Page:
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SpringBoot uses RabbitMQ

Posted on Nov. 27, 2023, 11 p.m. by Alyssa Mendoza
Category: The back-end Tag: The back-end

Message queues. The three message queues are Pegion, Kafka and RabbitMQ. Pegion is a component developed by the company itself. Today, the process of integrating RabbitMQ in SpringBoot, storing messages in a message queue and consuming them.

Introduction to Message Broker and AMQP

Message Broker is an architectural pattern for Message validation, transmission, and routing that is designed to be used in the following scenarios:

  • Messages are routed to one or more destinations
  • Messages are translated into other representations
  • Perform aggregation of messages, decomposition of messages, and sending the results to their destinations, and then regrouping accordingly back to the message user
  • Invoke the Web service to retrieve the data
  • Response event or error
  • Use a publish-subscribe model to provide content or topic-based message routing

AMQP is short for Advanced Message Queuing Protocol, which is an open standard application layer Protocol for message-oriented middleware. AMQP defines these features:

  • The message direction
  • The message queue
  • Message routing (including point-to-point and publish-subscribe patterns)
  • reliability
  • security


RabbitMQ is a middleware product based on the AMQP protocol. It can support multiple operating systems, multiple programming languages and cover almost all mainstream enterprise technology platforms.

SpringBoot integration

Let's get a feel for RabbitMQ by integrating RabbitMQ in a SpringBoot application and implementing a simple send and receive message example.

Integrating RabbitMQ into SpringBoot is easy because the Starter POMs module, AMQP, supports RabbitMQ well. Here's how:

  • Create a new SpringBoot project named "rabbitmq-hello".
  • Import the following dependencies in POP. XML, where spring-boot-starter-amqp is used to support RabbitMQ.

parent groupIdorg.springframework.boot/groupId artifactIdspring-boot-starter-parent/artifactId The  version  1.3.7. RELEASE  / version   relativePath /  ! -- lookup parent from repository -- /parent dependencies dependency groupIdorg.springframework.boot/groupId artifactIdspring-boot-starter-amqp/artifactId /dependency dependency groupIdorg.springframework.boot/groupId  artifactIdspring-boot-starter-test/artifactId scopetest/scope /dependency /dependenciesCopy the code

  • Configure RabbitMQ connections and user information in Users can go back to the installation above and create users on the admin page.
Copy the code

  • Create the message producer Sender. Messages are sent by injecting an instance of the AmqpTemplate interface, which defines a set of basic operations for the AMQP protocol. Its concrete implementation is injected in SpringBoot depending on the configuration. At that producer, we generate a string and send it to a queue named Hello.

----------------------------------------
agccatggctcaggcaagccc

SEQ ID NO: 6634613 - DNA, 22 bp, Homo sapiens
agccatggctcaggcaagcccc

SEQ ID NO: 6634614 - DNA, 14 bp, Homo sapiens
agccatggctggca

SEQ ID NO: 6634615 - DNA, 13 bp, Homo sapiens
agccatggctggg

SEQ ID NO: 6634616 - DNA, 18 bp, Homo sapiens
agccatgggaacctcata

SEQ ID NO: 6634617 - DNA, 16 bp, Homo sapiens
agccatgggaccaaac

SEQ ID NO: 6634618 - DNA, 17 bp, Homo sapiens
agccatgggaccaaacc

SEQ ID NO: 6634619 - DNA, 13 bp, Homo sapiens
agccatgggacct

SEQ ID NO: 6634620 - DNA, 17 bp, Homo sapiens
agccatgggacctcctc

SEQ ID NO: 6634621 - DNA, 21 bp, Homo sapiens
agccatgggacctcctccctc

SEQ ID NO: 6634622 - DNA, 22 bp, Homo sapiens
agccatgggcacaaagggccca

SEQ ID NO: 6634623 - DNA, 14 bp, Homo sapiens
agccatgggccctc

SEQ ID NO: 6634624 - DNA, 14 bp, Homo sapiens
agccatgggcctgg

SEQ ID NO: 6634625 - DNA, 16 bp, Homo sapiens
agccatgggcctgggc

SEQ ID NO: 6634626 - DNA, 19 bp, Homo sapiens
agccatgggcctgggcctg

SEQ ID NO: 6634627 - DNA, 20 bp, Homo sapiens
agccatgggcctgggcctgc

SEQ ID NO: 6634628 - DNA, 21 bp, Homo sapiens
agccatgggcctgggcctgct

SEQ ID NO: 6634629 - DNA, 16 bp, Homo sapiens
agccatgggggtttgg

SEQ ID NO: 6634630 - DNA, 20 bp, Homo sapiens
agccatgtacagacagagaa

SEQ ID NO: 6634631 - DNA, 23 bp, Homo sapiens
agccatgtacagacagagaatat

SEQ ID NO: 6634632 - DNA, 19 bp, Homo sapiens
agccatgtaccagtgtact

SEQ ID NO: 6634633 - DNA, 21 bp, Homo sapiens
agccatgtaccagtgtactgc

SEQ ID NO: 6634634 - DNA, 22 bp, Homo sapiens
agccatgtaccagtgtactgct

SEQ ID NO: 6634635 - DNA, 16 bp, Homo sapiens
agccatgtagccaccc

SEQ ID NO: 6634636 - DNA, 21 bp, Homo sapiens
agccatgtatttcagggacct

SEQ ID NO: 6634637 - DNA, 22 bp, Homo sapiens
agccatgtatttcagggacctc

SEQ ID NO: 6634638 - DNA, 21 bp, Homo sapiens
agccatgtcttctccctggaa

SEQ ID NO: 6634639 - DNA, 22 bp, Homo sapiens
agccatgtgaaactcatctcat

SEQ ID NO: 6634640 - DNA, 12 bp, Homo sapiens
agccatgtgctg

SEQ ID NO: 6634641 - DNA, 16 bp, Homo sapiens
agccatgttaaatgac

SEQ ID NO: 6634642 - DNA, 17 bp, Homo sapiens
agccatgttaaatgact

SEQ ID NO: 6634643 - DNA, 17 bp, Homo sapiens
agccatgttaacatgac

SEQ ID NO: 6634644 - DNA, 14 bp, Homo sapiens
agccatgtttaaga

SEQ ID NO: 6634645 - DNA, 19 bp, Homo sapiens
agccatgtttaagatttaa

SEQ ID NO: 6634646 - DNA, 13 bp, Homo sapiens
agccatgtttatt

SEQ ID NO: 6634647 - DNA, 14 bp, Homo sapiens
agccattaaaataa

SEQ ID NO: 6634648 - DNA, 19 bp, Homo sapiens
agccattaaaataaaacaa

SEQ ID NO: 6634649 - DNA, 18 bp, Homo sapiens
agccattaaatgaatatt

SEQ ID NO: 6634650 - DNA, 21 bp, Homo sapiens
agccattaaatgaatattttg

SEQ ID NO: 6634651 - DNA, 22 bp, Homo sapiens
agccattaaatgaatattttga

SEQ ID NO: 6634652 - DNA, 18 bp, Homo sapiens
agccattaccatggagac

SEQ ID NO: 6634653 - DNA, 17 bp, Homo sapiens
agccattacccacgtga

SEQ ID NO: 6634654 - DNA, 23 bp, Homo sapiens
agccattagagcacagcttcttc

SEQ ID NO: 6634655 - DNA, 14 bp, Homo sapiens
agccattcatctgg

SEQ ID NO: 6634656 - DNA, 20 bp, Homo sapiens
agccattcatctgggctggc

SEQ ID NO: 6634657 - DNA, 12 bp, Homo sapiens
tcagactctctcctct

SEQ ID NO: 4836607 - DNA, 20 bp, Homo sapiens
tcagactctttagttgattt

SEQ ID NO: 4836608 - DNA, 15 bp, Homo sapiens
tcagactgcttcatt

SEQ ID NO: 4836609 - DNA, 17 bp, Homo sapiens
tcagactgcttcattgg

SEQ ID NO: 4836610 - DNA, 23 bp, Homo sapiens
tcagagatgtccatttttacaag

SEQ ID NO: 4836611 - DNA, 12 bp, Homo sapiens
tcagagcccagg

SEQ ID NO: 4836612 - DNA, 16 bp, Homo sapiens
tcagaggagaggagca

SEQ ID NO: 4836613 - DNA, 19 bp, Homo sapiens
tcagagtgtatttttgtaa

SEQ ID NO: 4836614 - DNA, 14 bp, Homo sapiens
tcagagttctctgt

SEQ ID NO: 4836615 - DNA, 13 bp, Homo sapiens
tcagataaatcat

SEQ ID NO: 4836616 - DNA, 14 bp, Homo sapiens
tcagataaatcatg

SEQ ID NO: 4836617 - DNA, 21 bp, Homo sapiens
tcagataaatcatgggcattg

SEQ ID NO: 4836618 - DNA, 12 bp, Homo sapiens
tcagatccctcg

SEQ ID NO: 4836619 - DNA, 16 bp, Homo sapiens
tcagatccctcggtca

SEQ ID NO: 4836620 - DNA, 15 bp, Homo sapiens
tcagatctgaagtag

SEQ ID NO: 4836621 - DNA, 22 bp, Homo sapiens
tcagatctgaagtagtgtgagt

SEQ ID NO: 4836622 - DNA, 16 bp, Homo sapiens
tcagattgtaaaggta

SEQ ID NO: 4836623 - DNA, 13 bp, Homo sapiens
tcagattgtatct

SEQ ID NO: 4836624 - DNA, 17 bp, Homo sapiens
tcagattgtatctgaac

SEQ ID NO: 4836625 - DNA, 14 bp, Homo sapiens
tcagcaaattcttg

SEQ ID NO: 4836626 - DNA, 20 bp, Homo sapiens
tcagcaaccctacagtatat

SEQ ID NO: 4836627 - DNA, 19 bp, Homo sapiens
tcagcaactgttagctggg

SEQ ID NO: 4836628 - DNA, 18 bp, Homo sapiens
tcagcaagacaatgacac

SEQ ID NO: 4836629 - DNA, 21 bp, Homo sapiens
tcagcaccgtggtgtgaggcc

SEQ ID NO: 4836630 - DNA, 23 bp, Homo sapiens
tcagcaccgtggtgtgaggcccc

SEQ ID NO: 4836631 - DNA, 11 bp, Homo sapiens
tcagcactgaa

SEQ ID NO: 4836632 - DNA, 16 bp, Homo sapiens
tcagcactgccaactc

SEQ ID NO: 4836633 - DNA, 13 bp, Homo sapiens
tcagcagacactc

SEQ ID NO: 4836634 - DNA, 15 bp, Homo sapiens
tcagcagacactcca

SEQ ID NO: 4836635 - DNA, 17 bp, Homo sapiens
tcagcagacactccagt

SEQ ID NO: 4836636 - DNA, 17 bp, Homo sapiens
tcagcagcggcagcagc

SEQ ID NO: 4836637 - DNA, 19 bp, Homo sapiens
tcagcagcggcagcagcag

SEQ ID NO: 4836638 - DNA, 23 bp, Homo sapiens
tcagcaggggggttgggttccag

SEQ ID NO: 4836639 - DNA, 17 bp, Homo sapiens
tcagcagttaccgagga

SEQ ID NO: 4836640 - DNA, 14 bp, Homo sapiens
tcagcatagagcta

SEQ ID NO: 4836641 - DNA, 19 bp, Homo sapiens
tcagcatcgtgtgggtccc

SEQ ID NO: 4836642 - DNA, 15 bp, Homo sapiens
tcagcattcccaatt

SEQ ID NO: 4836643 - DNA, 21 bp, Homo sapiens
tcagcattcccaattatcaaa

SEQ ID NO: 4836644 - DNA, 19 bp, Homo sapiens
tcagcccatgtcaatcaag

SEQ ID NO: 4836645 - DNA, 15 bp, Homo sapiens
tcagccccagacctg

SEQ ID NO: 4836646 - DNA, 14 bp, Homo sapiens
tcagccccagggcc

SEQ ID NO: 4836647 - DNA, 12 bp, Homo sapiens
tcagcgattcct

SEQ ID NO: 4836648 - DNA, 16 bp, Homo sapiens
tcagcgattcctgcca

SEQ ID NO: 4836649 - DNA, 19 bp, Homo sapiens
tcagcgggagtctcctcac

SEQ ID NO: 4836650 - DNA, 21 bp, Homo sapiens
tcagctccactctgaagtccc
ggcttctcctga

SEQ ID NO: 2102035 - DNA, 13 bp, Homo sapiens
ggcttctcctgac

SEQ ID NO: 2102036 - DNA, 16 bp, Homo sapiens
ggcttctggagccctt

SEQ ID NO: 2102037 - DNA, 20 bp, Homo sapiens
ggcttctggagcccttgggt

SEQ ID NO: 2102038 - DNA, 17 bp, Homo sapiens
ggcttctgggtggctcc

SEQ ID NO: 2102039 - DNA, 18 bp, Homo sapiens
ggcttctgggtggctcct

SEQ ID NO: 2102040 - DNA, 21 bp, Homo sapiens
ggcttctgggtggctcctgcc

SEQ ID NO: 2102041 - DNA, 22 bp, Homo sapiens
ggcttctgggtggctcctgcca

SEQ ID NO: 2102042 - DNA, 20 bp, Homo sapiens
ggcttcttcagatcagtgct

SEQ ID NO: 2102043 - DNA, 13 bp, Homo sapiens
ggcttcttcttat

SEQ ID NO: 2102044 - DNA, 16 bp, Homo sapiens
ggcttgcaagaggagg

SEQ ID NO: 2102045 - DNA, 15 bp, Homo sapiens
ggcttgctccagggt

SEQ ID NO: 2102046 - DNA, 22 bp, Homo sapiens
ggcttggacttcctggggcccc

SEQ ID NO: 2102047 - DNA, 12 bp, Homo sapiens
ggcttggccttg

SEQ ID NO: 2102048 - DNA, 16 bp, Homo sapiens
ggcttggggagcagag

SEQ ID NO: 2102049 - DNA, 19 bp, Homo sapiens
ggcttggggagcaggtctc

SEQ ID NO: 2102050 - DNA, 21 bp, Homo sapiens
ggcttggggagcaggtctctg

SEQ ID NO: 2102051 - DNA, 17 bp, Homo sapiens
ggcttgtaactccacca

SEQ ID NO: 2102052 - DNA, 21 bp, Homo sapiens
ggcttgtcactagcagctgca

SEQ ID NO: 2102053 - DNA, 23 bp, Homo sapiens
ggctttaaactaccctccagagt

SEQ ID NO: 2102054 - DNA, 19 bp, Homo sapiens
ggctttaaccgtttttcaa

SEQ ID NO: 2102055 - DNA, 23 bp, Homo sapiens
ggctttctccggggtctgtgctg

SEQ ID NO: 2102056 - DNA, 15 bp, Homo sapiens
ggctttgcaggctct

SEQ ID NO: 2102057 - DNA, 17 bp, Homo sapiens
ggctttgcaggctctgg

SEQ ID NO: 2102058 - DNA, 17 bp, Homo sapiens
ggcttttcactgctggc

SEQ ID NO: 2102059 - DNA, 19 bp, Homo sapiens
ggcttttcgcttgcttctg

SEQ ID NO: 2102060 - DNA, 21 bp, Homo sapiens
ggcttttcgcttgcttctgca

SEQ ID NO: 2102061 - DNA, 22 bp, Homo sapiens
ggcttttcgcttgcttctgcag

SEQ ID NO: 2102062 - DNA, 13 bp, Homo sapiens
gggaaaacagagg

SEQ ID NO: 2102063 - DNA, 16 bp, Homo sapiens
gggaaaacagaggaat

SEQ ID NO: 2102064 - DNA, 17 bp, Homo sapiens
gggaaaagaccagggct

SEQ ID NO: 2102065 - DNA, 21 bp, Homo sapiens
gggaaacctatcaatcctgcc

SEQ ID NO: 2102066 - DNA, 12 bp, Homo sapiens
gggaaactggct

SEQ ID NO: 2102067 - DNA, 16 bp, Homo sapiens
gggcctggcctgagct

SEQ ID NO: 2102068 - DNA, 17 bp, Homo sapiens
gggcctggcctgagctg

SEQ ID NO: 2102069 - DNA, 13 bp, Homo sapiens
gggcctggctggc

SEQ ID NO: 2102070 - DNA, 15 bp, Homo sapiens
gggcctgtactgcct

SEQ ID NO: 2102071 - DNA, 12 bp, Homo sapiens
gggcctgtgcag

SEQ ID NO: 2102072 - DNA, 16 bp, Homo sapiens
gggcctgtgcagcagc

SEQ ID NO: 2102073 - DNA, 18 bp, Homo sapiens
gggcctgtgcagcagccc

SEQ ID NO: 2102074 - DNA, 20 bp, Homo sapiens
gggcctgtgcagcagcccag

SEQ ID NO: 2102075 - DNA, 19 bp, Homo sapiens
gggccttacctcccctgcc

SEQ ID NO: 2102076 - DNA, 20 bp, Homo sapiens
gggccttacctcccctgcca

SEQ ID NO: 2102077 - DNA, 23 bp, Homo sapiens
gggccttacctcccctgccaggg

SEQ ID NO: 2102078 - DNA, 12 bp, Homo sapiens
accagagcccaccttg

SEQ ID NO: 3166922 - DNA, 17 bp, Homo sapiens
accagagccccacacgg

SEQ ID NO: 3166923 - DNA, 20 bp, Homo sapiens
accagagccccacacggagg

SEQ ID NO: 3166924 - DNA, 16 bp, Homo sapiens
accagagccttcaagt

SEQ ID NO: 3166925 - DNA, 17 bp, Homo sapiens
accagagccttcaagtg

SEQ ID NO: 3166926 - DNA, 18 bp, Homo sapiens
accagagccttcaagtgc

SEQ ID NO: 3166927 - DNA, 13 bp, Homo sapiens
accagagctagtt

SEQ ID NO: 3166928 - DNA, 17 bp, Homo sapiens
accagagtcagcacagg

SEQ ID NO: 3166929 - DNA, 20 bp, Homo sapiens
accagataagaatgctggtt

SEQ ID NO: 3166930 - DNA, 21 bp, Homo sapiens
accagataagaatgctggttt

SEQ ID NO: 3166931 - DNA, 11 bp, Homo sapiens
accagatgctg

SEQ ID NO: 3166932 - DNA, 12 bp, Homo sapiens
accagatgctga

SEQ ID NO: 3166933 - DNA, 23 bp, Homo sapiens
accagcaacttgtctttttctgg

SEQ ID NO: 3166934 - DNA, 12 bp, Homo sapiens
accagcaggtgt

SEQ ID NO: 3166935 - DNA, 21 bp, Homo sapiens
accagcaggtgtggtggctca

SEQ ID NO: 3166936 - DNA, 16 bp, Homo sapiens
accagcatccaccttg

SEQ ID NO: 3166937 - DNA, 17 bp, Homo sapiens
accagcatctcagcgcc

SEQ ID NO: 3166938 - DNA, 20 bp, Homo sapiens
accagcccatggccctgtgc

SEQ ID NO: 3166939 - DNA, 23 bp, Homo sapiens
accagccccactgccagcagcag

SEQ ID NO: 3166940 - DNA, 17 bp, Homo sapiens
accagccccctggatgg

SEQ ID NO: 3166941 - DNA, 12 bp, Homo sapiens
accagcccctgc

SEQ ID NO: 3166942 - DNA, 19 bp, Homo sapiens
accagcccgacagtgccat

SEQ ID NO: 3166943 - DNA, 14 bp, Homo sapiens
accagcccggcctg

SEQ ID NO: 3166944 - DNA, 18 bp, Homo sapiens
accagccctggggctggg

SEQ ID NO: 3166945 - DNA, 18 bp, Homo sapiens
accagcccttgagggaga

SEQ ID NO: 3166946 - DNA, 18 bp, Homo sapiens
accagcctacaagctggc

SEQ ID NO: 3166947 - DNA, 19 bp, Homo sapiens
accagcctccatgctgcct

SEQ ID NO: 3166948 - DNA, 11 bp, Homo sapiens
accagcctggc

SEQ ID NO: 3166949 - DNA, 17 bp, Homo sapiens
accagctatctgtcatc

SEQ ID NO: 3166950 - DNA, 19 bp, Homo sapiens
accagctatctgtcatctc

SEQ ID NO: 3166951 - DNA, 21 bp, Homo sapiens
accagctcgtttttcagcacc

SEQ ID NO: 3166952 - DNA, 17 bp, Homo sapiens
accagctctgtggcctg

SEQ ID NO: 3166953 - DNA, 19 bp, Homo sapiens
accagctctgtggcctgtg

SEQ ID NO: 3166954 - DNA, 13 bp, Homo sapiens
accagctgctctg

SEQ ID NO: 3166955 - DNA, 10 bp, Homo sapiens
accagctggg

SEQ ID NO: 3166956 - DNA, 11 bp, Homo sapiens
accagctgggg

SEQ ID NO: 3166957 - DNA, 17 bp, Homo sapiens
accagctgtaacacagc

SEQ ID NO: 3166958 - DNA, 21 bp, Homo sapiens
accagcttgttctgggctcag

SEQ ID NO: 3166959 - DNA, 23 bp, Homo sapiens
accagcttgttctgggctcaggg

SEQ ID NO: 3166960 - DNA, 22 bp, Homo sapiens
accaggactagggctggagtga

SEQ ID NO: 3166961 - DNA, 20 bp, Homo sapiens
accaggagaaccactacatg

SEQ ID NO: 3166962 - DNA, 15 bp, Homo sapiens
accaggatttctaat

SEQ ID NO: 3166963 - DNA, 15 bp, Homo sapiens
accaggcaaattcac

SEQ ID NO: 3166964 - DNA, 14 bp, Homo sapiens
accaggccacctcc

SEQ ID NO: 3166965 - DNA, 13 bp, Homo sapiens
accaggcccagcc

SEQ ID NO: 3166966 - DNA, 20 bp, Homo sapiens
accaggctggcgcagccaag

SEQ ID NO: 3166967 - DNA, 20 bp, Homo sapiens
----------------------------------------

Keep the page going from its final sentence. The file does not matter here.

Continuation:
public class Sender {
        private AmqpTemplate rabbitTemplate;
        public void send() {
            String context = "hello " + new Date();
            System.out.println("Sender : " + context);
            this.rabbitTemplate.convertAndSend("hello", context); }}Copy the code
  • Create a message consumer Receiver. The @RabbitListener annotation defines the class to listen on the Hello queue, and the @Rabbithandler annotation specifies what to do with the message. So, the consumer implements consumption of the Hello queue to output the string content of the message.
    @RabbitListener(queues = "hello")
    public class Receiver {
        public void process(String hello) {
            System.out.println("Receiver : "+ hello); }}Copy the code
  • Create the RabbitMQ configuration class RabbitConfig to configure advanced information such as queues, switches, and routes. Here we will focus on getting started, with minimal configuration defined to complete a basic production and consumption process.
    public class RabbitConfig {
        public Queue helloQueue() {
            return new Queue("hello"); }}Copy the code
  • Create the main application class:
@SpringBootApplication public class HelloApplication { public static void main(String[] args) {, args); }}Copy the code
  • Create a unit test class to invoke message production:
@RunWith(SpringJUnit4ClassRunner.class) @SpringApplicationConfiguration(classes = HelloApplication.class) public class HelloApplicationTests { @Autowired private Sender sender; @Test public void hello() throws Exception { sender.send(); }}Copy the code

Now that you've finished writing the program, let's try it out. First make sure RabbitMQ Server is started and then do the following:

  • Starting the main application class, from the console, we see that the application has created a connection to springcloud in o.s.a.r.c.CachingConnectionFactory : Created new connection: SimpleConnection@29836d32 [delegate=amqp://[email protected]:5672/] Meanwhile, via the RabbitMQ control panel, You can see that Connection and Channels contain entries for the current Connection.

  • Running the unit test class, we can see the following output from the console: the message is sent to the RabbitMQ Server's Hello queue. Sender : hello Sun Sep 25 11:06:11 CST 2016

  • Switching to the console of the application main class, we can see output similar to the following, where the consumer executes on the listener of the Hello queue and prints the received message information. Receiver : hello Sun Sep 25 11:06:11 CST 2016

And you're done!

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